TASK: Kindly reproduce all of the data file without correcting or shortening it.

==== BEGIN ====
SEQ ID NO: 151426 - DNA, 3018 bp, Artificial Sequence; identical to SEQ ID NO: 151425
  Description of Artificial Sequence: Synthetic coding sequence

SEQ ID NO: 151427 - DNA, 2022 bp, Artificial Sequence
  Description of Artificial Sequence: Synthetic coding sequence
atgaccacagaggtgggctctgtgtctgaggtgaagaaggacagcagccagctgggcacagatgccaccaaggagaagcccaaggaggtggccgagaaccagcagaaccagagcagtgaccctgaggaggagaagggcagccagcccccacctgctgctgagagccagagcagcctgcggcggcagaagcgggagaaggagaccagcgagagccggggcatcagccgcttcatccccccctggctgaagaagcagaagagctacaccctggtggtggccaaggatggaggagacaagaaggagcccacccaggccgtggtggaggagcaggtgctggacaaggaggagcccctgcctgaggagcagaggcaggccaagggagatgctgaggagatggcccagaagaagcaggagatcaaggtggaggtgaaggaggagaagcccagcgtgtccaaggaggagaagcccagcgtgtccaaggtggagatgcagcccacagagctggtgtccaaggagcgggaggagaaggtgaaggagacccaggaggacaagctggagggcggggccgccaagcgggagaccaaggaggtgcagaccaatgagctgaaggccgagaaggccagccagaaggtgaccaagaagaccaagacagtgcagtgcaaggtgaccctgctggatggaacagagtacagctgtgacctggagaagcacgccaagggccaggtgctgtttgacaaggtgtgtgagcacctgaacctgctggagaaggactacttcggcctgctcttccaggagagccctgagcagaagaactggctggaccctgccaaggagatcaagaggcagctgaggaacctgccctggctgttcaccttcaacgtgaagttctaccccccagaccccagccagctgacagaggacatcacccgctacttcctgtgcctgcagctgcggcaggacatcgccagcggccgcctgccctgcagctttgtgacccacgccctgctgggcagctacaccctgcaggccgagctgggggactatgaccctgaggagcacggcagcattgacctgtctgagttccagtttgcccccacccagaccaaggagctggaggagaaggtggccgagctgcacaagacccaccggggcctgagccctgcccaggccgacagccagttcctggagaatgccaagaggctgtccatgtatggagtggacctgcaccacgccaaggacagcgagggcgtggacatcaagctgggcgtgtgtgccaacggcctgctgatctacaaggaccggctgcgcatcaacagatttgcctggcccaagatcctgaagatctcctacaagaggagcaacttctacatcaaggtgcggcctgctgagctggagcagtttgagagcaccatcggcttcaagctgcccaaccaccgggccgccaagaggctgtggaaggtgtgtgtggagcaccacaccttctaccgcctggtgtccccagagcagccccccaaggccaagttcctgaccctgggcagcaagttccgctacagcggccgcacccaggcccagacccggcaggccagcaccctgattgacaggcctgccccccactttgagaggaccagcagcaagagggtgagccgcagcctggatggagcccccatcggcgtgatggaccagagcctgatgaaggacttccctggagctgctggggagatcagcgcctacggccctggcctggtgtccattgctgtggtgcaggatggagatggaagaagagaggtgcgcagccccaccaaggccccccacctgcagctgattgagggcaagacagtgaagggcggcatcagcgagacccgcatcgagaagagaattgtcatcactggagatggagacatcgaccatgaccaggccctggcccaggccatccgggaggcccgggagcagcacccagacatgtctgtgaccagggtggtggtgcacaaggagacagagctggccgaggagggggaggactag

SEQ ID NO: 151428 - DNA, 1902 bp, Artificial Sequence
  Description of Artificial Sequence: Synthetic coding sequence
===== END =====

SEQ ID NO: 151426 - DNA, 3018 bp, Artificial Sequence; identical to SEQ ID NO: 151425
  Description of Artificial Sequence: Synthetic coding sequence

SEQ ID NO: 151427 - DNA, 2022 bp, Artificial Sequence
  Description of Artificial Sequence: Synthetic coding sequence
atgaccacagaggtgggctctgtgtctgaggtgaagaaggacagcagccagctgggcacagatgccaccaaggagaagcccaaggaggtggccgagaaccagcagaaccagagcagtgaccctgaggaggagaagggcagccagcccccacctgctgctgagagccagagcagcctgcggcggcagaagcgggagaaggagaccagcgagagccggggcatcagccgcttcatccccccctggctgaagaagcagaagagctacaccctggtggtggccaaggatggaggagacaagaaggagcccacccaggccgtggtggaggagcaggtgctggacaaggaggagcccctgcctgaggagcagaggcaggccaagggagatgctgaggagatggcccagaagaagcaggagatcaaggtggaggtgaaggaggagaagcccagcgtgtccaaggaggagaagcccagcgtgtccaaggtggagatgcagcccacagagctggtgtccaaggagcgggaggagaaggtgaaggagacccaggaggacaagctggagggcggggccgccaagcgggagaccaaggaggtgcagaccaatgagctgaaggccgagaaggccagccagaaggtgaccaagaagaccaagacagtgcagtgcaaggtgaccctgctggatggaacagagtacagctgtgacctggagaagcacgccaagggccaggtgctgtttgacaaggtgtgtgagcacctgaacctgctggagaaggactacttcggcctgctcttccaggagagccctgagcagaagaactggctggaccctgccaaggagatcaagaggcagctgaggaacctgccctggctgttcaccttcaacgtgaagttctaccccccagaccccagccagctgacagaggacatcacccgctacttcctgtgcctgcagctgcggcaggacatcgccagcggccgcctgccctgcagctttgtgacccacgccctgctgggcagctacaccctgcaggccgagctgggggactatgaccctgaggagcacggcagcattgacctgtctgagttccagtttgcccccacccagaccaaggagctggaggagaaggtggccgagctgcacaagacccaccggggcctgagccctgcccaggccgacagccagttcctggagaatgccaagaggctgtccatgtatggagtggacctgcaccacgccaaggacagcgagggcgtggacatcaagctgggcgtgtgtgccaacggcctgctgatctacaaggaccggctgcgcatcaacagatttgcctggcccaagatcctgaagatctcctacaagaggagcaacttctacatcaaggtgcggcctgctgagctggagcagtttgagagcaccatcggcttcaagctgcccaaccaccgggccgccaagaggctgtggaaggtgtgtgtggagcaccacaccttctaccgcctggtgtccccagagcagccccccaaggccaagttcctgaccctgggcagcaagttccgctacagcggccgcacccaggcccagacccggcaggccagcaccctgattgacaggcctgccccccactttgagaggaccagcagcaagagggtgagccgcagcctggatggagcccccatcggcgtgatggaccagagcctgatgaaggacttccctggagctgctggggagatcagcgcctacggccctggcctggtgtccattgctgtggtgcaggatggagatggaagaagagaggtgcgcagccccaccaaggccccccacctgcagctgattgagggcaagacagtgaagggcggcatcagcgagacccgcatcgagaagagaattgtcatcactggagatggagacatcgaccatgaccaggccctggcccaggccatccgggaggcccgggagcagcacccagacatgtctgtgaccagggtggtggtgcacaaggagacagagctggccgaggagggggaggactag

SEQ ID NO: 151428 - DNA, 1902 bp, Artificial Sequence
  Description of Artificial Sequence: Synthetic coding sequence